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The beginnings of multi-cellularity

October 23, 2013 | By | Reply More

Fascinating story told by Carl Zimmer, illustrated by yeast studies.

Scientists suspect that the first step towards a complex multicellular body like ours is for cells to evolve to live in primitive clumps. There may be a lot of advantages to living this way. It may be harder for a predator to eat you, for example. At the University of Minnesota, a team of scientists led by William Ratcliff and Michael Travisano figured out a way to create this kind of natural selection in a lab. As I reported last year in the New York Times, they were able to get yeast–which normally lives as single cells–to turn into simple multicellular clumps in a few weeks.


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The re-framing necessary to move away from talk of health care death panels

October 23, 2013 | By | Reply More

Here’s another excellent and succinct analysis by Dylan Ratigan, part of an mass emailing he recently sent out. Allowing conservatives to argue about “death panels” is a big mistake and here’s why — and BTW, the time to make policy is not as we gather around very sick people challenging each other as to who can spend the most to to extending someone’s last breaths by 3 months, bankrupting healthcare in the process. We need to grow up and get our heads out of fantasy-land. Let’s redefine healthcare in terms of sustainable and meaningful goals. Ironically, there is date that those who claim to be most confident in the existence of an afterlife insist on the highest rate of last-minute desperate expenditures. Here’s Dylan’s email:

Dear Friends,

Generally speaking, there are only two ways to earn money.

1. Charge a fee for goods or services.

2. Charge a mutually agreed upon percentage based on a future outcome based on the newly created value. This percentage can be in the form of equity or commission.

As it stands, healthcare in America is based on the first model. This creates a system with many, high fees generated by acute and traumatic care. The chart above, from this report by the International Federation of Health Plans, shows how much we are paying compared to the rest of the world:

In reality, this care is for only 5 percent of us at a given moment, yet accounts for 50 percent of what each of us spend on the service regardless of whether or not we are using it.

If this unfortunate reality upsets you, please relax…close your eyes….and imagine for a moment a healthcare model that uses the second model of income generation. One that is based on equity or commission based on a future outcome.

[More . . . ]


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Present day leaves

October 21, 2013 | By | Reply More

One of my photographer mentors advised that I try to shoot SOMETHING every day. And this morning I finished reading Phil Zimbardo’s “The Time Paradox,” from which I learned (for the 800th time) that my perspective is skewed way toward future time orientation, which causes me to miss out on the present, especially ordinary things that are actually quite stunning. Therefore . . . I gave myself an assignment to take photos of leaves from the backside, illuminated from the front by direct sun. I tried to simply enjoy their beauty, but couldn’t help contemplating their incredibly sophisticated function.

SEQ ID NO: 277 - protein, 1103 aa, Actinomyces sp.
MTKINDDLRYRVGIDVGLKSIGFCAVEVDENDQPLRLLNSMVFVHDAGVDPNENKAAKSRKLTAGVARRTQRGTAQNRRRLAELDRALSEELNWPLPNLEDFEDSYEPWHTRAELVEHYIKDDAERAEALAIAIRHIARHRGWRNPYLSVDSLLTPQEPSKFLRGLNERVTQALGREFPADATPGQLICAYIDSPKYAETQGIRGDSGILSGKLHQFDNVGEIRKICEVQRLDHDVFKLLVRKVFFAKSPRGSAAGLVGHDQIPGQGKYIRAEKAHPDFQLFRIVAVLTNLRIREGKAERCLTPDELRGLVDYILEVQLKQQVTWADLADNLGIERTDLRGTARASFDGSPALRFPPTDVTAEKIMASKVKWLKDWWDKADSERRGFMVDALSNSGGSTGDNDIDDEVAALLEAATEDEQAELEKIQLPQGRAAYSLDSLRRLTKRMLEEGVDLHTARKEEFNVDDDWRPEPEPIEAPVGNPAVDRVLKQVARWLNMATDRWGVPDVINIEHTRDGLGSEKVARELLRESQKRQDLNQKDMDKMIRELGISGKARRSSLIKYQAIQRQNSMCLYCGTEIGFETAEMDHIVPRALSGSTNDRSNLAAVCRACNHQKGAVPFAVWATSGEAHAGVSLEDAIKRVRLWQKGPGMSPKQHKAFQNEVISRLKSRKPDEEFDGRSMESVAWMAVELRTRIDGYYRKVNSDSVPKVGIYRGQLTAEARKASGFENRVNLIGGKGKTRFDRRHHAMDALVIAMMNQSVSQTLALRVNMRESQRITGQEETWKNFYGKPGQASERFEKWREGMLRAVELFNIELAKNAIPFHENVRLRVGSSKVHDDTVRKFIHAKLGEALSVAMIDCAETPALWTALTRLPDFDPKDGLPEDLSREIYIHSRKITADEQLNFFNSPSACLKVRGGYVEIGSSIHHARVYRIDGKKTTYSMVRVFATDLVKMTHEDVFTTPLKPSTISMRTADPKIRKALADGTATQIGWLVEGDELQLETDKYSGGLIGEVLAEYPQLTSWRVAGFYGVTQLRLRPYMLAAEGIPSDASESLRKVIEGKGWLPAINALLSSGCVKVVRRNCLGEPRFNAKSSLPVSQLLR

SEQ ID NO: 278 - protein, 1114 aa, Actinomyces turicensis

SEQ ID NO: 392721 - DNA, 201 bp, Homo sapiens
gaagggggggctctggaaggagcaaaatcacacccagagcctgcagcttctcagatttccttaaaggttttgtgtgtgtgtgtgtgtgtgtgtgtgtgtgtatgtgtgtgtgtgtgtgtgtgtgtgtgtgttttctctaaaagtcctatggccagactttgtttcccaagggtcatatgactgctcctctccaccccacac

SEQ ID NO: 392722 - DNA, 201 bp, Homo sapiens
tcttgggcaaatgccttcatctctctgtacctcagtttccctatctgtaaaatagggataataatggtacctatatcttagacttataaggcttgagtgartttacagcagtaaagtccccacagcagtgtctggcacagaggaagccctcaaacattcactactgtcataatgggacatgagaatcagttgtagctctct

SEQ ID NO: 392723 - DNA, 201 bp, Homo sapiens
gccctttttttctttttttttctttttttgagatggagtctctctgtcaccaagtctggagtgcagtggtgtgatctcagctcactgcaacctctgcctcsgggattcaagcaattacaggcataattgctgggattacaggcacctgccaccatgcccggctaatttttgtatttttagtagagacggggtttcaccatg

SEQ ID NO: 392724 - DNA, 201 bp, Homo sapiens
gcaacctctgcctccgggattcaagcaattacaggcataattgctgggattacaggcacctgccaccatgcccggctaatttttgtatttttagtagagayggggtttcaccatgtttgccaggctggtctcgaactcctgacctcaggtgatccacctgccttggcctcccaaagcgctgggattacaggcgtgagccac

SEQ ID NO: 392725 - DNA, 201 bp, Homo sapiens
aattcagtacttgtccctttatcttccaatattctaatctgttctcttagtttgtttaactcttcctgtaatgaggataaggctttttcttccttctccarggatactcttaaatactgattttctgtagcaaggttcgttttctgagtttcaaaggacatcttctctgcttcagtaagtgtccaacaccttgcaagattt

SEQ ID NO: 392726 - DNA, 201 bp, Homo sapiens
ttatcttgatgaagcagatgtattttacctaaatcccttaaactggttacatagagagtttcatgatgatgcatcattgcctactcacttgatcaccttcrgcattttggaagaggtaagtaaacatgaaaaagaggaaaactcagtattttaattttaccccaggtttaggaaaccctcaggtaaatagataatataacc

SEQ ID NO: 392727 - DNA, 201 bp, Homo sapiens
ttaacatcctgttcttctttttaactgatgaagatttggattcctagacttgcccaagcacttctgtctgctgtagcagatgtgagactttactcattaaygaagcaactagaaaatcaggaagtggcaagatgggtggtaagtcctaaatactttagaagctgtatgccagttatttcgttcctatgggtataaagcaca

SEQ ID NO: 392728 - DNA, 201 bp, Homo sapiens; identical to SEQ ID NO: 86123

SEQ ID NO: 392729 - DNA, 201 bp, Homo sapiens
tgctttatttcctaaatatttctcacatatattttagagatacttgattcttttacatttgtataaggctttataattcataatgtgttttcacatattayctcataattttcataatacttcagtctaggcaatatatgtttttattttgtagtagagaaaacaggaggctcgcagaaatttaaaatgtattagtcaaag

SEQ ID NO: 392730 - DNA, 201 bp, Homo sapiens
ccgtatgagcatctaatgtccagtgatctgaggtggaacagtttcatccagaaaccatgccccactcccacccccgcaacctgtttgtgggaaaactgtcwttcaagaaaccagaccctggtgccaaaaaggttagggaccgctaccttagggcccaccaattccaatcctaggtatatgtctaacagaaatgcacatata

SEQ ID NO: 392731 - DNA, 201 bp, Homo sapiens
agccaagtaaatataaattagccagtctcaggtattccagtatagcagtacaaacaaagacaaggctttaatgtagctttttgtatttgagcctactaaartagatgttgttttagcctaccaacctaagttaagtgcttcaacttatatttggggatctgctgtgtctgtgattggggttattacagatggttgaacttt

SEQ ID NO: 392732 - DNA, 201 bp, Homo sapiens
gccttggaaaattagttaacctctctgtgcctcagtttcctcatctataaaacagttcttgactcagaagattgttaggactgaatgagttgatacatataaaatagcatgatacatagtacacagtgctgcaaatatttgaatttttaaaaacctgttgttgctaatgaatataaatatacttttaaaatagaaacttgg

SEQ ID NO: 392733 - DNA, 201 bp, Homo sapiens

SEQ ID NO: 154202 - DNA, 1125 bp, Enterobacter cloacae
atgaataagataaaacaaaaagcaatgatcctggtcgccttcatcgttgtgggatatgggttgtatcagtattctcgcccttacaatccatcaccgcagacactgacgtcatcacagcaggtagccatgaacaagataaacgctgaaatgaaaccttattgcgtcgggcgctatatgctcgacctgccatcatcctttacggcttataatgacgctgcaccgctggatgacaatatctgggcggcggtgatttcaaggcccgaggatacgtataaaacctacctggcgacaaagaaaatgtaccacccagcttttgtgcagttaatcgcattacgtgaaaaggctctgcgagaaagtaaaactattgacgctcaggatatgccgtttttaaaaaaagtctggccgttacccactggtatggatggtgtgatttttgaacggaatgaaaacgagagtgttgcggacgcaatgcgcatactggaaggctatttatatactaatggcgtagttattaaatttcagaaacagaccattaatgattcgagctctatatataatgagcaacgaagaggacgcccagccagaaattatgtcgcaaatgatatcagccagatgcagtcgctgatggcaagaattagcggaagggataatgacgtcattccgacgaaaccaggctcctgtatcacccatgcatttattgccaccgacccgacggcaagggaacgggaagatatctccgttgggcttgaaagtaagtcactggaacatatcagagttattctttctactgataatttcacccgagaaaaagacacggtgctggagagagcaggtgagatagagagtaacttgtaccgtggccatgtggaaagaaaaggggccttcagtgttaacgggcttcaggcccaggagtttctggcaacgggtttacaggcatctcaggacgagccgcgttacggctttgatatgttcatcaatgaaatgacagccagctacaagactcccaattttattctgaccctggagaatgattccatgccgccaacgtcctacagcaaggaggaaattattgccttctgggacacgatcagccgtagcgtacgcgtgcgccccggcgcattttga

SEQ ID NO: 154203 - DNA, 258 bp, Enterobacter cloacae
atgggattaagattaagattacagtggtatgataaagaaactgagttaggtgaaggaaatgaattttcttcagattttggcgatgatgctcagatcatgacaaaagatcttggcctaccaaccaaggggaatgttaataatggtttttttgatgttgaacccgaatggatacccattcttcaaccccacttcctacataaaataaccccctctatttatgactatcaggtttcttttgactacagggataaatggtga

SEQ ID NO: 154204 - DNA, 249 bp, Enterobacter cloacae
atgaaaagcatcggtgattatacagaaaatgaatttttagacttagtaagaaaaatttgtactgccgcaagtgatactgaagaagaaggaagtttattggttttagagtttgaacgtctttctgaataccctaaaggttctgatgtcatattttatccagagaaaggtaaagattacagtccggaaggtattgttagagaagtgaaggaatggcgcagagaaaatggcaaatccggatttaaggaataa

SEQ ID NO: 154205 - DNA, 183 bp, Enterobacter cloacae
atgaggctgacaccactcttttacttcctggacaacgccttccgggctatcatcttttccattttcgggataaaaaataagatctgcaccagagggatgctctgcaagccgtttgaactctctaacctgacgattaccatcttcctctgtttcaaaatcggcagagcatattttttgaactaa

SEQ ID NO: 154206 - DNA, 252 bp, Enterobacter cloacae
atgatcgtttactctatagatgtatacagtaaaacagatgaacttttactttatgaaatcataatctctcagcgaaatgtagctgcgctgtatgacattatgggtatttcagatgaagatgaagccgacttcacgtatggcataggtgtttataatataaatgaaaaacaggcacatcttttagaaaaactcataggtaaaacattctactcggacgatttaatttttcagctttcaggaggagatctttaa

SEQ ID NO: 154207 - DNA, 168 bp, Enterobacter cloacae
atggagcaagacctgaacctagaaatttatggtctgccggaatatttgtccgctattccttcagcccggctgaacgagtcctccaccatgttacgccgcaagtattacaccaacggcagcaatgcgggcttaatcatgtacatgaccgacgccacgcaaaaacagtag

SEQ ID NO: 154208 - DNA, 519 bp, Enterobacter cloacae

IMG_2216 Leaves

IMG_2261 Leaves 2

IMG_2299 Leaves 2

IMG_2321 Leaves 2

IMG_2324 Leaves 2


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Dangerous Intersection supplemental posts over at Facebook

October 20, 2013 | By | Reply More

I’m working on some longer articles for Dangerous Intersection at the moment, though I’m not publishing at DI as often as I did several years ago. However, I have lots of plans to address quite a few exciting topics here. This will be the location for extended commentary and my own substantive articles.

In the meantime, I’ve been posting many links to worthy articles over at my Facebook page. I’m publishing some of those materials only at Facebook, not here at DI. If you are interested in tapping into those very short articles and links, simply send me a Friend Request at Facebook.


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Pure Ayn Rand: Not dead yet, somehow.

October 20, 2013 | By | 2 Replies More

Matt Taibbi takes aim at an amazingly bizzare Forbes article written by Ayn Rand devotee named Harry Binswanger. I was curious about Ayn Rand back when I was 18, but I moved on. Binswanger hasn’t and, in fact, has doubled down. As always, Taibbi’s serious message is wrapped in entertaining prose:

It reads like an Onion piece, just hilarious stuff. I mean, Jesus, even Lloyd Blankfein himself didn’t go so far as to take the “God’s work” thing 100% seriously, and here’s this jackass saying, without irony, that the Goldman CEO literally out-God-slaps Mother Teresa.

The thing is, for all its excesses, Mr. Catyanker’s piece does reflect an attitude you see pretty often among Rand devotees and Road To Serfdom acolytes. Five whole years have passed since the crash, and there are still huge pockets of these Fountainhead junkies who genuinely believe that the Blankfeins of the world are reviled because they’re bankers and they’re rich, and not because they’re the heads of unprosecutable organized crime syndicates who make their money through mass fraud, manipulation and the shameless burgling of public treasure. In this case you have a guy who writes for Forbes, a business publication,and apparently he isn’t acquainted even casually with any of the roughly 10,000 corruption cases involving Blankfein’s bank.

Taibbi’s article contains a succinct rundown of many of the ways Goldman Sachs actually makes money. Hint: It’s not by producing goods or services helpful to ordinary Americans.